Life is serious business. One minute you’re happily eating sand and digging worms out from the ground, then someone paves the back yard and ships you off to Kindergarten where you’re expected to be able to colour within the lines. Then comes Elementary School, and Middle School, and the pressure develops. You’re expected to do well in your exams because that’s what’s going to guarantee you a great future. You get into a good High School, which you’re chuffed about then your parents expect you to do well at that too. Here come the comments like “if you played less and studied more, you’d have a brighter future”. Never mind that you don’t even know what you want for lunch. You’re expected to know what you want to do for the rest of your life.
So you get into the University that they want you to get in, but it doesn’t end there. Next, you have to not only graduate, but get Dean’s List and stuff, because that’s what’s going to ensure you that dream job. What do you do? You hangout less, and spend more time studying. Finishing university, you apply for jobs here, there and everywhere, and then the first job comes and you think you can relax a bit because hey, now you make your own money. Wrong again. Next comes the pressure to buy a car/house/dress well/hangout in the right place, and whatever else is expected of you. You’re so focused on these things, everything else in life is a blur.
You go to work, where you’re expected to do what the company wants you to do, for the good of all. You look forward to Friday night, play night, when you can let loose, have a few drinks and be an idiot. Mind you, this is the only time when it’s acceptable to behave like an idiot, because everyone else, who’s drunk is in the same mind frame, and let’s face it, nobody’s going to remember much the next day, apart from that massive hangover the next day anyway, unless you have work to do, in which case, hangover or not, you sit down and try to do as much as you can. Then one day, you wake up, and can’t remember the last time you really laughed, or felt light-hearted.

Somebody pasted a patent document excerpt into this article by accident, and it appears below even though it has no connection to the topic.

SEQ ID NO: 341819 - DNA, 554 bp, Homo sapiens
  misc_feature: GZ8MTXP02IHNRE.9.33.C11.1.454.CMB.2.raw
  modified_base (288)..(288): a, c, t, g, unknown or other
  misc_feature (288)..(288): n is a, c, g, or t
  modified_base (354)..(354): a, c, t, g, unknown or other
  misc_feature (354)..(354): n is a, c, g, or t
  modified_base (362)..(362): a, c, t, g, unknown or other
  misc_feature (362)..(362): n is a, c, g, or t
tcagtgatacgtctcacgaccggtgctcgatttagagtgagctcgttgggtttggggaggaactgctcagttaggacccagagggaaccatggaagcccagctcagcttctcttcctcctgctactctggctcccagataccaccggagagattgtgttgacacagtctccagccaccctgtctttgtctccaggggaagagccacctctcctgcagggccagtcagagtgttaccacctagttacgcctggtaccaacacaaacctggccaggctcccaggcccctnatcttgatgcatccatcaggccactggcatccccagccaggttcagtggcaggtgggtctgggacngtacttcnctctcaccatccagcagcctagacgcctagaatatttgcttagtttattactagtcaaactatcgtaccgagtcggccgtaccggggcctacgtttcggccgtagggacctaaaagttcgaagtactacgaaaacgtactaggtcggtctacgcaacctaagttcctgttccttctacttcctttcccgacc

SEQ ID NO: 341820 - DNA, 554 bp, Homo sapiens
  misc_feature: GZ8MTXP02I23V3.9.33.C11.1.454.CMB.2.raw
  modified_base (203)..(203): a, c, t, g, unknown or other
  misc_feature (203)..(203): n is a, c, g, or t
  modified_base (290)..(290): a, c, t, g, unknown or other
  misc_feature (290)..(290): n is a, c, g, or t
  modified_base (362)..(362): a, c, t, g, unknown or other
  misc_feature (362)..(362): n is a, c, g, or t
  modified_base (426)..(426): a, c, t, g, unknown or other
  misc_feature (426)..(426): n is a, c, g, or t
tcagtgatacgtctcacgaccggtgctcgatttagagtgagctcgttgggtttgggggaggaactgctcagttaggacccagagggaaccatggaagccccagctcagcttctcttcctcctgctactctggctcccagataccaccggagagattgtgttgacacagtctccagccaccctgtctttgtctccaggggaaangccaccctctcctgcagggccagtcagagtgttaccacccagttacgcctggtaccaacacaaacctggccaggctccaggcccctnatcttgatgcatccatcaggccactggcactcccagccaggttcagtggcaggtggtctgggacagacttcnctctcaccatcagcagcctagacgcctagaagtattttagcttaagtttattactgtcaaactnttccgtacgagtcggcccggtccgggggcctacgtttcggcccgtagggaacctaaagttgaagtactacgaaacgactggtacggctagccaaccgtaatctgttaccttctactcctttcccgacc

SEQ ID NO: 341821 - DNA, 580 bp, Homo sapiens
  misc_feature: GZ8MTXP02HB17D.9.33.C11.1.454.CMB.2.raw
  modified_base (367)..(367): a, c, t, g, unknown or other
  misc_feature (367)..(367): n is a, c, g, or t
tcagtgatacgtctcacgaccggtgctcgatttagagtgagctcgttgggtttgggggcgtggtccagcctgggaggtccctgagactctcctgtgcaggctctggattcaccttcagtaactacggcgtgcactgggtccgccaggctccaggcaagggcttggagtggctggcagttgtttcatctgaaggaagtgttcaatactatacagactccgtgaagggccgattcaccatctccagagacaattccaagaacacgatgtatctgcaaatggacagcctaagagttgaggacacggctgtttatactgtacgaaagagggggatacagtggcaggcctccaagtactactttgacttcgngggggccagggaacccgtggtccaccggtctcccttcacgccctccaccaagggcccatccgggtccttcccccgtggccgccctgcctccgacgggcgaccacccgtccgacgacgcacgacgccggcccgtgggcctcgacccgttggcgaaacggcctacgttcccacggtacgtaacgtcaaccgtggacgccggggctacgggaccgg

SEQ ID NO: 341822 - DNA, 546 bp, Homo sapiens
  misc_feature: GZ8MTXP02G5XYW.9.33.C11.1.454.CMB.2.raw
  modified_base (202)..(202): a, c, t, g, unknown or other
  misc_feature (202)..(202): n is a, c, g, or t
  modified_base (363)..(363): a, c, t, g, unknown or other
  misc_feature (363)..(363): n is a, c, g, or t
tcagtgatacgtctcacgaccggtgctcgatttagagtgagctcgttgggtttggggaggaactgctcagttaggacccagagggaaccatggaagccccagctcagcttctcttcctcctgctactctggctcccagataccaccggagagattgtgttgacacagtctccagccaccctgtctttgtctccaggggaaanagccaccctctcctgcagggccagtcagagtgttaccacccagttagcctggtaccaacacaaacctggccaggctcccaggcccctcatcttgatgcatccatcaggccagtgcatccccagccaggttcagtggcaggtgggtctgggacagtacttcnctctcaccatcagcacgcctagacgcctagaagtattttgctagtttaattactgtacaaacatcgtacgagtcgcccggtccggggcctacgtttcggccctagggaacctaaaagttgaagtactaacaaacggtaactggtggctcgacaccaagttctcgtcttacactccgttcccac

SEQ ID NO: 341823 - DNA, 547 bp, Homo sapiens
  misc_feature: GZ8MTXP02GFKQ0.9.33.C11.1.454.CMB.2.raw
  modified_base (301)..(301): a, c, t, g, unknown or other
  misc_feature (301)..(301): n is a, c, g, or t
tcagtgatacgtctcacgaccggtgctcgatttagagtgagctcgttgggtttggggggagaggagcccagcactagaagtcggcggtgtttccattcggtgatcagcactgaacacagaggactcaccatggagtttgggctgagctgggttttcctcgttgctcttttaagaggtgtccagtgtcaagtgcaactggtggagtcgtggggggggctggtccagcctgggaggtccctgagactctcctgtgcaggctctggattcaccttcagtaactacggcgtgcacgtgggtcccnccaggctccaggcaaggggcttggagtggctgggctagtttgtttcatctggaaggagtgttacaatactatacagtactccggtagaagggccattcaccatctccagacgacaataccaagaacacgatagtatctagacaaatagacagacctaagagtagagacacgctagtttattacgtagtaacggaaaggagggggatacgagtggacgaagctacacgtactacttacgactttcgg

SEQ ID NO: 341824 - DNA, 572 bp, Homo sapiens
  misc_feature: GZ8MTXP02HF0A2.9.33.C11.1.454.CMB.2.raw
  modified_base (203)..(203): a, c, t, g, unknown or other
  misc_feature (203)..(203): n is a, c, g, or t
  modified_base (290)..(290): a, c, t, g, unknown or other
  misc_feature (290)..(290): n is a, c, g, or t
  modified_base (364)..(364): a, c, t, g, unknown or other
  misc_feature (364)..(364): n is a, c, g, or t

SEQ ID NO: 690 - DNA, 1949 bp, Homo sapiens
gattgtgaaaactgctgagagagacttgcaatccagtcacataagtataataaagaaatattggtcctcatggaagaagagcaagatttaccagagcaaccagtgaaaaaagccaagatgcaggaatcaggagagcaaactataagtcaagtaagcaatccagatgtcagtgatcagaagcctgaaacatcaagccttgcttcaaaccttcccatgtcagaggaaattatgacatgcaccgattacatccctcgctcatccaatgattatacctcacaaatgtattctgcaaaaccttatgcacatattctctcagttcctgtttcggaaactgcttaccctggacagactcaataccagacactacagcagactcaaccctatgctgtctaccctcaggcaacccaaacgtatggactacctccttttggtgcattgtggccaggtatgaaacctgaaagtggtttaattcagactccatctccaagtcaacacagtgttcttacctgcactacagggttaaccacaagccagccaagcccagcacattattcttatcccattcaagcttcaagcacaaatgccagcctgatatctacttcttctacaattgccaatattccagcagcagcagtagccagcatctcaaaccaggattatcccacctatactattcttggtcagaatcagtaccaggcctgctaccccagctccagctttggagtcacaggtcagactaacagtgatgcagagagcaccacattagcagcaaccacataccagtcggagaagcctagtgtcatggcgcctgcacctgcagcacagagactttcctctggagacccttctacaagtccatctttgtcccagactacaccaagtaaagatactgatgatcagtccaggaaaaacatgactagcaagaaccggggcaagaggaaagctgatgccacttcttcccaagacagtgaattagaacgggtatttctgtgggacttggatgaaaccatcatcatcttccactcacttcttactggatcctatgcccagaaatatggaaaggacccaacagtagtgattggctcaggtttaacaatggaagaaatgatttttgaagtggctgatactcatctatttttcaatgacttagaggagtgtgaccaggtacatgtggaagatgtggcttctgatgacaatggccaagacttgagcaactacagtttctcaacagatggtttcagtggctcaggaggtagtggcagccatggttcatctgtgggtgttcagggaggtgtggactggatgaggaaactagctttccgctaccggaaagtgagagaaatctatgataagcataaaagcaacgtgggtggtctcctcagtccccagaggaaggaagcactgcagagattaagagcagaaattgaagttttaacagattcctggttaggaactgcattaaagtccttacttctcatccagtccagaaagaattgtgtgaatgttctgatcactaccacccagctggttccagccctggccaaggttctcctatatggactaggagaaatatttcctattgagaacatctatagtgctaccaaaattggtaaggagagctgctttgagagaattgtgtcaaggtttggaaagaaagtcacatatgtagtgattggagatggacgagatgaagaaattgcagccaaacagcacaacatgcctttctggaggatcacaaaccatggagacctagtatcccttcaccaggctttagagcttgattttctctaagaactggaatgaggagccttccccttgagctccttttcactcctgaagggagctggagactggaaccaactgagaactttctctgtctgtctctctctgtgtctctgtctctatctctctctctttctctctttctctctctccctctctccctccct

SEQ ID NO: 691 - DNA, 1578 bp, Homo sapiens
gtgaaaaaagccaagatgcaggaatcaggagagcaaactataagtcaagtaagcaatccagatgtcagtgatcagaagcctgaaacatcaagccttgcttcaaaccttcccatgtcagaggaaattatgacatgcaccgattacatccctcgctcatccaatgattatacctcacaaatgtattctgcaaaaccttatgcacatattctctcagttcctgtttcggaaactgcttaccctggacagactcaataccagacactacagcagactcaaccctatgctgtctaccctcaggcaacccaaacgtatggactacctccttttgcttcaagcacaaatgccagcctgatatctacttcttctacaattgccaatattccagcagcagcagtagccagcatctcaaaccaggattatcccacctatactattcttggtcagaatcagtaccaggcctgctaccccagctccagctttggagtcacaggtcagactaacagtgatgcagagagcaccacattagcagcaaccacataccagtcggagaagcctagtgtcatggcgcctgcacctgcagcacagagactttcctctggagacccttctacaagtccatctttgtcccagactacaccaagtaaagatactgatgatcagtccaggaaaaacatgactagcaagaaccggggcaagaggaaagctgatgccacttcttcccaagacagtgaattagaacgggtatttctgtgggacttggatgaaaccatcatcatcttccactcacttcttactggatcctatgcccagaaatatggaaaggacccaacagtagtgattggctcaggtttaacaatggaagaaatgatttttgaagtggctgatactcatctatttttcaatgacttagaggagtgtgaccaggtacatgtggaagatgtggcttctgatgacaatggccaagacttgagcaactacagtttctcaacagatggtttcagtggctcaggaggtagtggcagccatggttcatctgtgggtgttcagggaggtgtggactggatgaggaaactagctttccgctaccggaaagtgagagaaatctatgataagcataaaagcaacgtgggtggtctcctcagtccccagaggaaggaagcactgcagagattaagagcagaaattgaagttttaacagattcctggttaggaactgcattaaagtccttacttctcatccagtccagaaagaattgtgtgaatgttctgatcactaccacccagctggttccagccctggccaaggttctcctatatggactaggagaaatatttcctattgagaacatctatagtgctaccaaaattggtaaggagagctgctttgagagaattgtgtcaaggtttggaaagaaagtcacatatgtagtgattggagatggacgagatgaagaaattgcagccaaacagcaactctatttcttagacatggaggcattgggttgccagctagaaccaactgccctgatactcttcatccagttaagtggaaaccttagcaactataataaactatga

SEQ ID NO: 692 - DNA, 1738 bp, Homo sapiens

Why do we care about acceptable behaviour? Does it really matter what a stranger thinks? I’ve just realised that it doesn’t really, not to me. I remember when we were young and broke, and us girls would just go to shopping centres and try on clothes. Didn’t matter that we couldn’t afford them, or that the sales people looked at us a certain way. Then there were those times when we’d just sit in a coffee shop and look at people, a passtime that we call “studying life”. It was cheap and it guaranteed a good time as long as you were with people who shared the same disdain for inferior life-forms. There were nights when we’d just drive around, and stop in a strategic spot to watch the sun rise, and days we’d just walk in the park, and play with borrowed kids or someone’s dog.
As time passed, these moments shortened and grew further apart, but recenly, I have been reminded of them. Trying on 20 pairs of shoes with no intention to buy, just talking to each other and seeing how we have all changed, making silly fart noises with our hands, eating chocolate ice-cream with chocolate sauce and random comments that came out of nowhere. These things don’t cost much, but these are the things that have made me feel lifted. What I’ve realised is, when the car breaks down, or the rent is due, or the boss is on your case for something, or the world just wants so much from you, it really helps to have someone who can be silly with you, and won’t give you a “you’re so lame” look when you’re being silly. The best people in your life, are the ones you can do these things with, the ones who help you find your inner child. Then there’s the bonus of having a memory of these silly times, when you’re down, and you channel into them and you snicker to yourself, or better still, you laugh out loud. I’m so thankful for those people in my life who let me express my inner child, and let their inner children come out to play with mine.
At the end of the day, there’s childish and childlike, and although we grow out of being childish (hopefully), being childlike is good. A few people have commented that they expect me to be a very strict parent, but providing it happens before I turn 103, I would like to be the kind of parent who will laugh with my kids, run with them, and still have that lightness and silliness that comes from the inner child within. Nothing wrong with it people. Whenever you feel like letting your inner child out, I’ll let mine out, and they can go out and have a play date. 🙂